Robert Park Opens Up About Torture, Plans to Sue North Korea

Robert Park, a Korean-American missionary who was tortured during his time in a North Korean prison camp, has never opened up to the media with specifics of what happened to him while he was a prisoner, until now.

Park recently shared with Yonhap News Agency just some of the abuse he suffered after he illegally crossed the frozen Tumen River into North Korea on Christmas Day 2009. After being beaten by North Korean soldiers, he was taken to Pyongyang, the nation's capital, where he was sexually tortured and abused.

"Several North Korean women surrounded me and did the worst thing to me to try to make me commit suicide," Park told Yonhap News Agency. He was placed in a brightly lit room, where a group of women beat his genitals with a club to "make me not to have a baby and get married forever," he said.

While he was being tortured, Park said one woman challenged his faith by saying, "If your God is so great, why doesn't He save you?" Another expressed her anti-American sentiments when she said, "We hate Yankees."

Park, who is from Tucson, Ariz., was also beaten and tortured by men, with his arms tied behind his back, until he screamed in agony. While he was being abused he told those who were harming him, "God loves you," but also begged for death to come upon himself. He says to this day that death is the only thing that can take the trauma of those days of torture away from him.

The 31-year-old missionary and activist, who still struggles with flashbacks of his torture and has attempted suicide twice since being released from North Korea in February 2010, said he is finally making some details known about his imprisonment to draw attention to the human rights violations that are occurring in North Korea today.

He also has plans to file a lawsuit against North Korea in U.S. courts within the next year.

"I'm not interested in a financial settlement, but in speaking out against the regime's mass atrocities and I will devote any money earned to funding anti-Pyongyang forces within North Korea," said Park.

Part of Park's inspiration to sue the nation comes from the case of the USS Pueblo crew members who were awarded $65 million in damages in 2008 for having been captured and tortured by North Korea in 1968. The damages were awarded by the courts to three crew members and the widow of the ship's captain.

Dan Gilbert, an Illinois attorney who helped the USS Pueblo crew members with their case, said Park represents thousands if not millions of Christians worldwide that are being persecuted. Park has not yet reached out to Gilbert about his lawsuit.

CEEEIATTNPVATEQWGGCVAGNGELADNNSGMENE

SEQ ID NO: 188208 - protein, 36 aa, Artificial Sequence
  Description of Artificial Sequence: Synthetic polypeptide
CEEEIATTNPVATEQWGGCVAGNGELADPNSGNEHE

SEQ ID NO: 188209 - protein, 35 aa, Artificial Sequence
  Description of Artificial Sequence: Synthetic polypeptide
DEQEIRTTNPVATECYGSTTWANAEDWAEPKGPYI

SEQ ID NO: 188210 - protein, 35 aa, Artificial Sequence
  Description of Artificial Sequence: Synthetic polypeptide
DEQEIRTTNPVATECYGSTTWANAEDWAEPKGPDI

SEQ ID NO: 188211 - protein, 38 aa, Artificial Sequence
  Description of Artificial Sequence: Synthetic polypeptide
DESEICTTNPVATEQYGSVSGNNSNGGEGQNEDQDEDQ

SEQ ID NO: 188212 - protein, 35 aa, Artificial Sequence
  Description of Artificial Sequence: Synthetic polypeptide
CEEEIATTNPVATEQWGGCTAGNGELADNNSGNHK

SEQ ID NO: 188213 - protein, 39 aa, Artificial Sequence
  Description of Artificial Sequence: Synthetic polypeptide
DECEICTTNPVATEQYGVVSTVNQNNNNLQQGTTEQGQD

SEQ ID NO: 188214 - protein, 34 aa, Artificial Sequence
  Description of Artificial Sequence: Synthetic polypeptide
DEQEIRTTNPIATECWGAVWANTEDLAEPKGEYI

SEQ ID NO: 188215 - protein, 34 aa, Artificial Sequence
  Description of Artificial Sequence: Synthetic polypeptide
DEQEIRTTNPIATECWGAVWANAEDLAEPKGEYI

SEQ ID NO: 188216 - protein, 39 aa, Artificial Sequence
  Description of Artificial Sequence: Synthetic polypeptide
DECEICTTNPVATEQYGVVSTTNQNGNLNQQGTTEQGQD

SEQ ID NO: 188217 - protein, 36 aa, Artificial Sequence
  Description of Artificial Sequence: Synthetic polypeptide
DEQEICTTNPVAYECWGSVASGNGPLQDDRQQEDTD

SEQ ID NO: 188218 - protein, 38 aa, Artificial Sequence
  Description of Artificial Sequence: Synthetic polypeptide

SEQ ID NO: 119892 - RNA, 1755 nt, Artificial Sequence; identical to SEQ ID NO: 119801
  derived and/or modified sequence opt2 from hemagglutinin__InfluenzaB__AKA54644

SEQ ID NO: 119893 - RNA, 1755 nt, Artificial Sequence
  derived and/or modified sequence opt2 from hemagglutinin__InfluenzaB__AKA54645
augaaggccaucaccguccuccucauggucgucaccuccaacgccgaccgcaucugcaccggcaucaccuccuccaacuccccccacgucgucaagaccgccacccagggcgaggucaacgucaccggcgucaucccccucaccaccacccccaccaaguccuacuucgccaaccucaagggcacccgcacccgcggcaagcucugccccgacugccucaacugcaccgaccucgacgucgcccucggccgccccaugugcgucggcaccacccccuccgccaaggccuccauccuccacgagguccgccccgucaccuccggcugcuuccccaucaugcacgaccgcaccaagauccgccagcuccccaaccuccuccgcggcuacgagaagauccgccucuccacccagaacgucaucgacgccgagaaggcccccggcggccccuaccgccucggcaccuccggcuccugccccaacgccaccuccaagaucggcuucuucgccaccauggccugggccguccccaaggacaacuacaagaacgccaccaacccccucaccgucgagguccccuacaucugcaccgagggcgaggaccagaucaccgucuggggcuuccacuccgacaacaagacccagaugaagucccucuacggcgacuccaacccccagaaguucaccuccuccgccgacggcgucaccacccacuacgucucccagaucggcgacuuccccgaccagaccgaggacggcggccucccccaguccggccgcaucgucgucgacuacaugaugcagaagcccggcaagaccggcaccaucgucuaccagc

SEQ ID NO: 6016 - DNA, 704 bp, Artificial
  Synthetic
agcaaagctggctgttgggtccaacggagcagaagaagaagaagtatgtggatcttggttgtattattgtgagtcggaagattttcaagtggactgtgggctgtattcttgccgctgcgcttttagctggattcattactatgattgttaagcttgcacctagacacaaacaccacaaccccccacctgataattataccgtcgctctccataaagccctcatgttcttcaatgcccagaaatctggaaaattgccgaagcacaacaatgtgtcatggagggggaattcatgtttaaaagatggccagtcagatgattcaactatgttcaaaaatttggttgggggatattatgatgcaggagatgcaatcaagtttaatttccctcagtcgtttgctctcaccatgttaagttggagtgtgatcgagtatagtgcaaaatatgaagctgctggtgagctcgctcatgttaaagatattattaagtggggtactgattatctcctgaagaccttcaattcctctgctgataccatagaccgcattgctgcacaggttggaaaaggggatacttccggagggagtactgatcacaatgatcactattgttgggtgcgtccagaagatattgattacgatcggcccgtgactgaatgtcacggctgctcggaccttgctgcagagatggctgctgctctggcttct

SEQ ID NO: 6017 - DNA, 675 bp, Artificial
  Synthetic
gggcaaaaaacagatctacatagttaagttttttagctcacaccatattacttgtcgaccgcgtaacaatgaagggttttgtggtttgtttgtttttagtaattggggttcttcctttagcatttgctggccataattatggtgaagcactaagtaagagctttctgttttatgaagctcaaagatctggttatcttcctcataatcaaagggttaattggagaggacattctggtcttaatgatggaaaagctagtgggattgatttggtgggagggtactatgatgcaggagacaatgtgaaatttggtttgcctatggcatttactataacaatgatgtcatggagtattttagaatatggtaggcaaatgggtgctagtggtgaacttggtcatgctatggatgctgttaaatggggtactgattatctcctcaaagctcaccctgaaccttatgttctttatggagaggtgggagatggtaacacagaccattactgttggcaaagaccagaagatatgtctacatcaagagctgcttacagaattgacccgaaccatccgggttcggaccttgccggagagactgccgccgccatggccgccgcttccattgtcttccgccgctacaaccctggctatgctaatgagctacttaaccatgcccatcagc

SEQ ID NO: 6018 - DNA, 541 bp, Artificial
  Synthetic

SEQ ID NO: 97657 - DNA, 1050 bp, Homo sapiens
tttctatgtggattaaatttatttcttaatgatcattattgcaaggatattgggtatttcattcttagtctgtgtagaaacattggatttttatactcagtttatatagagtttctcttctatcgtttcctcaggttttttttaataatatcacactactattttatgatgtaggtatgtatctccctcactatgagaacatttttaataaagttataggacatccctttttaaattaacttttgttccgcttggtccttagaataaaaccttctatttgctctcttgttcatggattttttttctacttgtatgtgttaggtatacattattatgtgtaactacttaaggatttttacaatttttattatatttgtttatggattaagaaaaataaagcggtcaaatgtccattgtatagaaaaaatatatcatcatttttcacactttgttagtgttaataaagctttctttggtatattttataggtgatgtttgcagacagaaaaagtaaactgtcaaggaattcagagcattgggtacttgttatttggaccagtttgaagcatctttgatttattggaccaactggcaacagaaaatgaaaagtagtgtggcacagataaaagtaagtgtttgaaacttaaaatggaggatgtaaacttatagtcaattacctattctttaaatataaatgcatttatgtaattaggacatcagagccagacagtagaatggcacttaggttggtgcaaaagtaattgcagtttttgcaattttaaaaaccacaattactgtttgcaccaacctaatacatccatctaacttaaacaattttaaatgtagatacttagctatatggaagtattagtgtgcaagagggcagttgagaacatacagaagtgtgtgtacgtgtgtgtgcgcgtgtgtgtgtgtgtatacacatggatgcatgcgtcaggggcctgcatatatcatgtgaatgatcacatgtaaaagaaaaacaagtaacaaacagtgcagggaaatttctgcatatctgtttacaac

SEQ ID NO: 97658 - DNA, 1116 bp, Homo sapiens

Gilbert said the members of the USS Pueblo also experienced terrible torture while in North Korea, which left some of them to cope with post-traumatic stress disorder and physical disorders that affect their lives to this day.

"They experienced physical, emotional, mental, spiritual torture for nearly a year-long period. They had food deprivation. Often they were subjected to physical torture that would go on for lengthy period of time. And it appeared, to them, that often it was done at the pleasure of the soldiers but for no other purpose than their particular satisfaction," Gilbert told The Christian Post on Thursday.

One of the biggest issues in lawsuits against nations like North Korea, Gilbert said, is even if the judgment is in favor of the plaintiff it can be difficult to collect the damages awarded by the courts.

He also stated that leaders like President Barack Obama appear to be more concerned with getting along with nations that persecute Christians than they are in taking a stance that supports the victims of human rights violations.

Gregory Stanton, the founder and president of Genocide Watch, said his organization is supportive of Park. Stanton said the Korean-American missionary has a good case under the U.S. Torture Victims Protection Act, which he called "extraordinary legislation" because it is one of few laws that give courts "universal jurisdiction."

Stanton, who is a Christian, also serves as the chair of the International Alliance to End Genocide and is a research professor in genocide studies and prevention at the School for Conflict Analysis and Resolution at George Mason University.

Genocide Watch is not a legal organization, but Stanton is a human rights lawyer. He previously worked for the State Department, where he drafted United Nations Security Council resolutions that resulted in the International Criminal Tribunal for Rwanda, the Burundi Commission of Inquiry and the Central African Arms Flow Commission.

Stanton believes that there are several reasons why the North Korean genocide problem has not gotten the attention it deserves. The Cold War detracted from the issue several decades ago, and current concerns over North Korea's access to nuclear weapons and naivety on how to negotiate with the nation have held back progress in dealing with human rights issues there.

But a lawsuit like Park's, he said, could be helpful in waking people up to the problem.

"So getting attention really paid to the terrible human rights violations in North Korea I think is very, very useful. And a lawsuit like this will help to do that," he said. "You have to find a hook. You have to find a way to get people to look and say, 'My God, I had no idea that it was that bad in North Korea.'"

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